He encouraged me to put my reflections into a blog post, but because I’m notoriously awful at updating ye olde blogge, it didn’t get done until I read this article on Samuel R. Delaney’s distinction between good writing and talented writing. And it spoke to me, deeply, readers. I pointed at my computer screen and exclaimed, “THIS!”
So, without further ado, I present to you Lara’s Observations from The Slush. Please bear in mind, these are just my opinions and foibles, and may not actually get you published, no matter how assiduously you apply them to your writing. But, I mean. In a perfect world, they would.
1) if, at a micro level, a story flowed, and was beautiful, I forgave it a lot of structural flaws. When sentence by sentence reading was enjoyable, it could take me all the way through. Delaney says, “[talented writing] pays attention to the sounds and rhythms of its sentences.” True! Pretty prose will help you swim upstream through the slush pile
2) During the first week of Clarion 2012, the inimitable Jeffrey Ford said something like, “Ninety to ninety-five percent of everything is shit,” and he was utterly, completely right. The sad thing for slush readers is that it’s not entertaining shit. 5% maybe is really, hilariously awful and entertaining. 85-90% is just boringly mediocre. And anything that isn’t fantastic–at some level–is going to get chucked. Samuel R. Delaney gives slightly different statistics: “The major fault of eighty-five to ninety-five percent of all fiction is that it is banal and dull.” But again, True! Slush readers want something that will grab us, shake us up, make us feel. And usually, we don’t get it.
3) Sometimes I’d read a story all the way through, knowing it wasn’t good enough to accept. But there was something that made me keep reading. I’m not sure what that magical thing was. Sometimes it was unique concept, sometimes a plot quirk. Sometimes humor. But, basically, just because a slush reader reads your story all the way through doesn’t mean it’s going to get passed up. You really need a combination of talented micro-level wordsmithery and engaging macro-level concept and plot. And a few muscular, hooked tentacles of emotional manipulation. Which brings me to a fourth point:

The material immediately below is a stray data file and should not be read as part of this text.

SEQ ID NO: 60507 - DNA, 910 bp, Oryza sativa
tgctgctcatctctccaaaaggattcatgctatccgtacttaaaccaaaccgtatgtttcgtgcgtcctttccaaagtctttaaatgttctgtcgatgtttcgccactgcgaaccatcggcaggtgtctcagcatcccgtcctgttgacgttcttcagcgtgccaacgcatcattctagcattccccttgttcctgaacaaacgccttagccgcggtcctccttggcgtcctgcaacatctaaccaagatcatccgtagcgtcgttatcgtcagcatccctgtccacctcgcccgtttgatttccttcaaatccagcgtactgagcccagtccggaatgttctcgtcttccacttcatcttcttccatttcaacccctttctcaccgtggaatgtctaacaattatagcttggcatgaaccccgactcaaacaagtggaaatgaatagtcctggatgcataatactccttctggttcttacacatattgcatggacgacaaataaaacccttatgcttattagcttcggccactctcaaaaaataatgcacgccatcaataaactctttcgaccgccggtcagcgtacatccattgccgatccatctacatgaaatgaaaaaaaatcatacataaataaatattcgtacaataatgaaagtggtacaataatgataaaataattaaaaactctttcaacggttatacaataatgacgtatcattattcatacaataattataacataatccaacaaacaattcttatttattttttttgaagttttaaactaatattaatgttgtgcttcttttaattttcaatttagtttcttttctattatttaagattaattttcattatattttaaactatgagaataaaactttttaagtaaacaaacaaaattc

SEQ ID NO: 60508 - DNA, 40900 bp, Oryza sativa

4) I, personally–and the editors of the magazine I was reading for, I think–prefer Profoundly Sad Stories. Resonant ones. And having read around the short fiction scene lately, it seems like Profoundly Sad, Resonant Stories are where it’s at these days. With the caveat that some editors are like “ENOUGH OF THE SADNESS!” Charles Coleman Finlay, for instance, who is guest editing an issue of F&SF this month, asked specifically for humor. So keep your markets in mind, I guess.
Lastly, and less to do with actual technical skill in creating gorgeous stories with emotional impact like the crater that killed the dinosaurs:
4) No. Nazi. Stories. Let me say it again: no Nazis. NONE. Remember when I said that about 5% of the bad stories were epically, unforgettably awful? About 4.5% percent of those stories were about Nazis. I don’t pretend to understand. But there you have it.
Then again, as in all things: it’s all in the execution. If you can apply your Talented Writing to the rich, disturbing, toothy topic of WWII, the Holocaust, the Third Reich…listen, people. You can make a story out of anything. But you have to make it transcendent to get it past the deadened hearts and minds of the slush readers.
I don’t mean perfect. it doesn’t have to be perfect. But it has to be better than anything else the reader has seen that day. Maybe better than anything they’ve seen that week. Slap us out of our haze! We are so sick of reading boring stuff that we can’t get excited about something that’s just good. We want something talented.